HARTFORD, Conn. -- Yale University is accused in a federal lawsuit filed Wednesday of discriminating against students with mental health disabilities, including pressuring some to withdraw from the prestigious institution and then placing “unreasonable burdens” on those who seek to be reinstated.
The lawsuit filed in U.S. District Court in Connecticut on behalf of current and former students seeks no monetary damages. Rather, it demands changes to Yale's withdrawal policies, including the required forfeiture of health insurance and tuition payments, among other rules.
“Yale’s withdrawal policies and practices push students with mental health disabilities out of Yale, impose punitive consequences on students who have withdrawn, and place unreasonable burdens on students who, after a withdrawal, seek reinstatement,” according to the suit, which contends that the burden is most harsh on students “from less privileged backgrounds.”
The plaintiffs contend that Yale needs to implement a process for handling students with mental health needs that's more accommodating for individuals.
“Each person is different and their mental health disability will affect them differently,” said Deborah Dorfman, an attorney and executive director of Disability Rights Connecticut, one of three groups that filed the lawsuit. “We’re really advocating here for individual assessments of each student's situation and also full consideration of all of the possible reasonable accommodations that might work for the student.”
Karen N. Peart, a spokesperson for Yale, said the school's faculty, staff and leaders care deeply for the students.
“We recognize how distressing and difficult it is for the student and their loves ones when a student is facing mental health challenges. When we make decisions and set policies, our primary focus is on students’ safety and health, especially when they are most vulnerable,” said Peart. She said the school has taken steps in recent years to simply the process of students returning to school from medical withdrawals and to increase mental health resources.
“The university is confident that our policies comply with all applicable laws and regulations. Nonetheless, we have been working on policy changes that are responsive to students’ emotional and financial wellbeing,” Peart said in a written statement.
In a Nov. 16 letter to alumni in response to a Washington Post article about student mental health and Yale's withdrawal and readmission policies, President Peter Salovey said colleges and universities in the last few years have seen a surge in demand for mental health services that was exacerbated by the pandemic. He said Yale has since dropped the requirement that students who have withdrawn from Yale must take two courses at another school before they could seek readmission.
“We also simplified the process for students in other ways, including dropping an informational interview with the chair of the reinstatement committee, which students told us could be intimidating,” wrote Salvoney, who noted other changes, including adding more mental health support services for students.
The plaintiffs, however, say more needs to be done.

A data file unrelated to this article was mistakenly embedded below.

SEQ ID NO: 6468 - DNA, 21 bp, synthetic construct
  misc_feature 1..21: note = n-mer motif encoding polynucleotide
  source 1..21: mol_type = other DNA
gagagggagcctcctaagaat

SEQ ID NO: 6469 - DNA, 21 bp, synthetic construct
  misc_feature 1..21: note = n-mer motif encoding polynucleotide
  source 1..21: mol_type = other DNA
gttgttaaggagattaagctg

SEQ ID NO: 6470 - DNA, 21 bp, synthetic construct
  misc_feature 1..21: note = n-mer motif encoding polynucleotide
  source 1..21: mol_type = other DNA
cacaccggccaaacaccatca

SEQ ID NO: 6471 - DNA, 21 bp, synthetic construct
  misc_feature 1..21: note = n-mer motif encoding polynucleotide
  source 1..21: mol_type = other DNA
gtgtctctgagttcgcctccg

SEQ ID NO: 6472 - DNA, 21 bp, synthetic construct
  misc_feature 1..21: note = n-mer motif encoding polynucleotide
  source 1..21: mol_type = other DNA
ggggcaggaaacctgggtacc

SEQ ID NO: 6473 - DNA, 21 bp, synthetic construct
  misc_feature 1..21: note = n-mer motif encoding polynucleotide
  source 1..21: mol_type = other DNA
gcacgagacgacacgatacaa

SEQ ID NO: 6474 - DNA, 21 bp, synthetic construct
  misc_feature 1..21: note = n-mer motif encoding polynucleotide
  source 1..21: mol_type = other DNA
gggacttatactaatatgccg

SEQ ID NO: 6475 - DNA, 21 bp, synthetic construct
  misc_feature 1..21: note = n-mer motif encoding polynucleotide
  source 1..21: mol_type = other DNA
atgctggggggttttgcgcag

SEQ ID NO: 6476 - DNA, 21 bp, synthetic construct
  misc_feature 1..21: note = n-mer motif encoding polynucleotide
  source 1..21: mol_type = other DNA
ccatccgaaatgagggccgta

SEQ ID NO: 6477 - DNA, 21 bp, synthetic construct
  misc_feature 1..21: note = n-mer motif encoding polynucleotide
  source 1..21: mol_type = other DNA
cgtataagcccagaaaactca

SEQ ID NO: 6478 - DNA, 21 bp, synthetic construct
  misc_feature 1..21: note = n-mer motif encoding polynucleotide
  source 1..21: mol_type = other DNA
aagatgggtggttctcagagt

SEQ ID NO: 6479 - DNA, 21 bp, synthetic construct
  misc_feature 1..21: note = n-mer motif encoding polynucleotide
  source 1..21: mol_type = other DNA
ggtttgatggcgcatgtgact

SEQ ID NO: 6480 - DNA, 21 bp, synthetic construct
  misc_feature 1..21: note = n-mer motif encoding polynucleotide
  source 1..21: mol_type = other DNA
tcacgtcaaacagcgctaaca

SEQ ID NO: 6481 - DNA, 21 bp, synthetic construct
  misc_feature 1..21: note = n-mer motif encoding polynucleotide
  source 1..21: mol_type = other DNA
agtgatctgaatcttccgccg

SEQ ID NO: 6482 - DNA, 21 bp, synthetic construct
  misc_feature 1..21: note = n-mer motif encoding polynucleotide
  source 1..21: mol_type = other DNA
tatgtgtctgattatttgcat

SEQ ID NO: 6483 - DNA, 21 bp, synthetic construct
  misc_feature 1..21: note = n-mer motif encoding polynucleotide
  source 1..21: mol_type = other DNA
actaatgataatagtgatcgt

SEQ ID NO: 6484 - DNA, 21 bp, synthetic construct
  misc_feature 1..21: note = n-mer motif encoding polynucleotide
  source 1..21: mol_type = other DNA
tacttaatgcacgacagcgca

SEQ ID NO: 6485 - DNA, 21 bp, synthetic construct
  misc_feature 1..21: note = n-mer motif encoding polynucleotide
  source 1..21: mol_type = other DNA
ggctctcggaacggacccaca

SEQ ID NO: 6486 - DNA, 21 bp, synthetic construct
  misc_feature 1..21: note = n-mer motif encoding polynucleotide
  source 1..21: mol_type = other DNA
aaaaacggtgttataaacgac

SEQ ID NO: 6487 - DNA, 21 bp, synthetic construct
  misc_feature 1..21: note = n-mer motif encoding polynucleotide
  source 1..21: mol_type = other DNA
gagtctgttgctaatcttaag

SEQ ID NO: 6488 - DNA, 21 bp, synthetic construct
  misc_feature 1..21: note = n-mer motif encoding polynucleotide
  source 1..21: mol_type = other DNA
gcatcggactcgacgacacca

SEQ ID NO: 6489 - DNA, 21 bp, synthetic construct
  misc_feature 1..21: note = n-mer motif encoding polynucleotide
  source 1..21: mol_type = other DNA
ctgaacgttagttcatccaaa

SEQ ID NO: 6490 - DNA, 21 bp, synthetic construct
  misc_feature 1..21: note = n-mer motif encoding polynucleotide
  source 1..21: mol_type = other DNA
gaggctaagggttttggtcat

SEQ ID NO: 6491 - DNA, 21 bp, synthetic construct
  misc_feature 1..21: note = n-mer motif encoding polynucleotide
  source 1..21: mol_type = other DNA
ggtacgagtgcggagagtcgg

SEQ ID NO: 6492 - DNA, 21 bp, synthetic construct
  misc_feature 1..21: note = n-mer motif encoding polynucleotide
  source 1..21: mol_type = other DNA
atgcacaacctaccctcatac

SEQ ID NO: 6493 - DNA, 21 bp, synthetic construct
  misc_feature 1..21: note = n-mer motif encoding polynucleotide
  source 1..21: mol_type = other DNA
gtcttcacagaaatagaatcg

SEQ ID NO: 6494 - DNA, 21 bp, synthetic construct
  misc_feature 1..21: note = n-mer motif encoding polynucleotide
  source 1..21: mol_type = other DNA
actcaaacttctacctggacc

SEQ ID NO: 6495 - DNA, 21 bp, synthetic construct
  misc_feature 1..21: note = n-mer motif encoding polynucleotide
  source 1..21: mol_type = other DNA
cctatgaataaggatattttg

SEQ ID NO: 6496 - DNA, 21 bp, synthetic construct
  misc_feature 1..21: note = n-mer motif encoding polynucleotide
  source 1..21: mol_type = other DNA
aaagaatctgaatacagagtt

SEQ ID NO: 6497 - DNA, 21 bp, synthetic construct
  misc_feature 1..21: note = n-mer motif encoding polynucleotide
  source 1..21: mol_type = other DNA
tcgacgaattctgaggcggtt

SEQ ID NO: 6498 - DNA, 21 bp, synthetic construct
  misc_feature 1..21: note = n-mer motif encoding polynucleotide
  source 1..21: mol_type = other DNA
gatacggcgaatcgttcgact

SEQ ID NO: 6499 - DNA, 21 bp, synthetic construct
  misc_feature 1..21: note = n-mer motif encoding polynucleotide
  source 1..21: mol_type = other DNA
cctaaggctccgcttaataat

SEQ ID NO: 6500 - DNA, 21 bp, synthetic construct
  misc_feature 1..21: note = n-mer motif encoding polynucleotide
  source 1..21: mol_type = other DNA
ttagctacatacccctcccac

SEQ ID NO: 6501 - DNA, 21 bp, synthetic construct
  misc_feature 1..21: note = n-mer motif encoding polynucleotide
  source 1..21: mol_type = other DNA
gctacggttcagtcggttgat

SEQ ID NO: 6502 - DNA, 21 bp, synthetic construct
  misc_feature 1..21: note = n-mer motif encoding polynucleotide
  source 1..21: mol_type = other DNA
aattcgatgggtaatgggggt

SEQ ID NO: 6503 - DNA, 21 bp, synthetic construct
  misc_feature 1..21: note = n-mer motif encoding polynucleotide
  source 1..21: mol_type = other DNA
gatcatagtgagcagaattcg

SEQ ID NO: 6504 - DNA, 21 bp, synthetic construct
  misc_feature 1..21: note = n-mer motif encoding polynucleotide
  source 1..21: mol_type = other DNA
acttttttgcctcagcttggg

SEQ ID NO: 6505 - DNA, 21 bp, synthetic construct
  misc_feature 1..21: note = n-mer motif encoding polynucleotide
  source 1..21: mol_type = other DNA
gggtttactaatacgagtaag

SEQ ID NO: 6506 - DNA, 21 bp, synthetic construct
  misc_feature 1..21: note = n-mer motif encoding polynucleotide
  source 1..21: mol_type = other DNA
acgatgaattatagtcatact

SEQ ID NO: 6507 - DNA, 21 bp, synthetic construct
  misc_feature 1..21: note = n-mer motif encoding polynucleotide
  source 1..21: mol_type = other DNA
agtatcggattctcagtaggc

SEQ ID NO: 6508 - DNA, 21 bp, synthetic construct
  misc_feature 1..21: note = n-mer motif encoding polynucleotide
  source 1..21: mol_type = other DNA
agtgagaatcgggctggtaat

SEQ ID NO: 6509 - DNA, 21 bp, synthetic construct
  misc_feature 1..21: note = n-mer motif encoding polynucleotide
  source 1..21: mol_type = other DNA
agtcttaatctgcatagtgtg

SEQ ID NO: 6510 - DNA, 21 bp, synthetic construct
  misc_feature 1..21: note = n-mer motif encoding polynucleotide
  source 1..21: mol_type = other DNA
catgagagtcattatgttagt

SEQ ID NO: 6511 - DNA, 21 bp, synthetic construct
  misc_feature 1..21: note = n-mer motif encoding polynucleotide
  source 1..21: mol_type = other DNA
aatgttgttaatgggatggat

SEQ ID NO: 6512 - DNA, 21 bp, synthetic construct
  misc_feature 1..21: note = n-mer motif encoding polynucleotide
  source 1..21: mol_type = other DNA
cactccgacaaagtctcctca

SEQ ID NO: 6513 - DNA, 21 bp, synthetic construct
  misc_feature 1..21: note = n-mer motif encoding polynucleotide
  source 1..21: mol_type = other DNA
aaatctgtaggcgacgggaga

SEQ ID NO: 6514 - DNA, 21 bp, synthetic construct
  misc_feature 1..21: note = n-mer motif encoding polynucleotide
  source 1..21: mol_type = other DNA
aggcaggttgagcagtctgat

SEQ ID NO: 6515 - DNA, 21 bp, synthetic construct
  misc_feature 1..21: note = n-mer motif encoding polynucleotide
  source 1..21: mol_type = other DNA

“The current state of things still leaves students with a very stark binary when they’re struggling. They either have to commit to a full-time schedule, or they commit to an extended absence in which they lose university health insurance, campus housing, institutional support,” said Rishi Mirchandani, a 2019 Yale graduate and co-founder of Elis for Rachael, a group founded 2021 in honor of a Yale student who took her own life and that helps Yale students struggling with mental health issues.
The lawsuit alleges that past and present students who sought mental health treatments were told it would not “look good” if they resisted taking a voluntary withdrawal from the school, which is different from a leave of absence.
One plaintiff, international student Hannah Neves, recalled being visited at the hospital by three Yale officials after her 2020 suicide attempt and being encouraged to take a withdrawal despite her reluctance, according to the lawsuit. When she was discharged from the hospital, she saw an email from four or five days earlier stating that she had been involuntarily withdrawn from Yale and had 72 hours to leave the campus. She said she could not return to her dorm room unless accompanied by a Yale police officer and could only say goodbye to friends off-campus.
Another plaintiff, current student Alicia Abramson, told The Associated Press that she did not feel pressured to voluntarily withdraw. However, she said she felt Yale put up numerous barriers that made it hard for the third-year student to be reinstated, including the now-defunct requirement to take two classes elsewhere.
“I don’t want other people to have to go through the same process that I did because it’s certainly not conducive to any kind of healing,” said Abramson, who feels Yale treats students' mental health needs as “something to be punished and disciplined" rather than offering them care and support.
Yale, she said, “tends to view students with mental health issues as liabilities in a way that I feel like they don’t with people with more physical disabilities."
The lawsuit seeks certification to be a class action, ultimately representing more than 1,300 current students as well as alumni.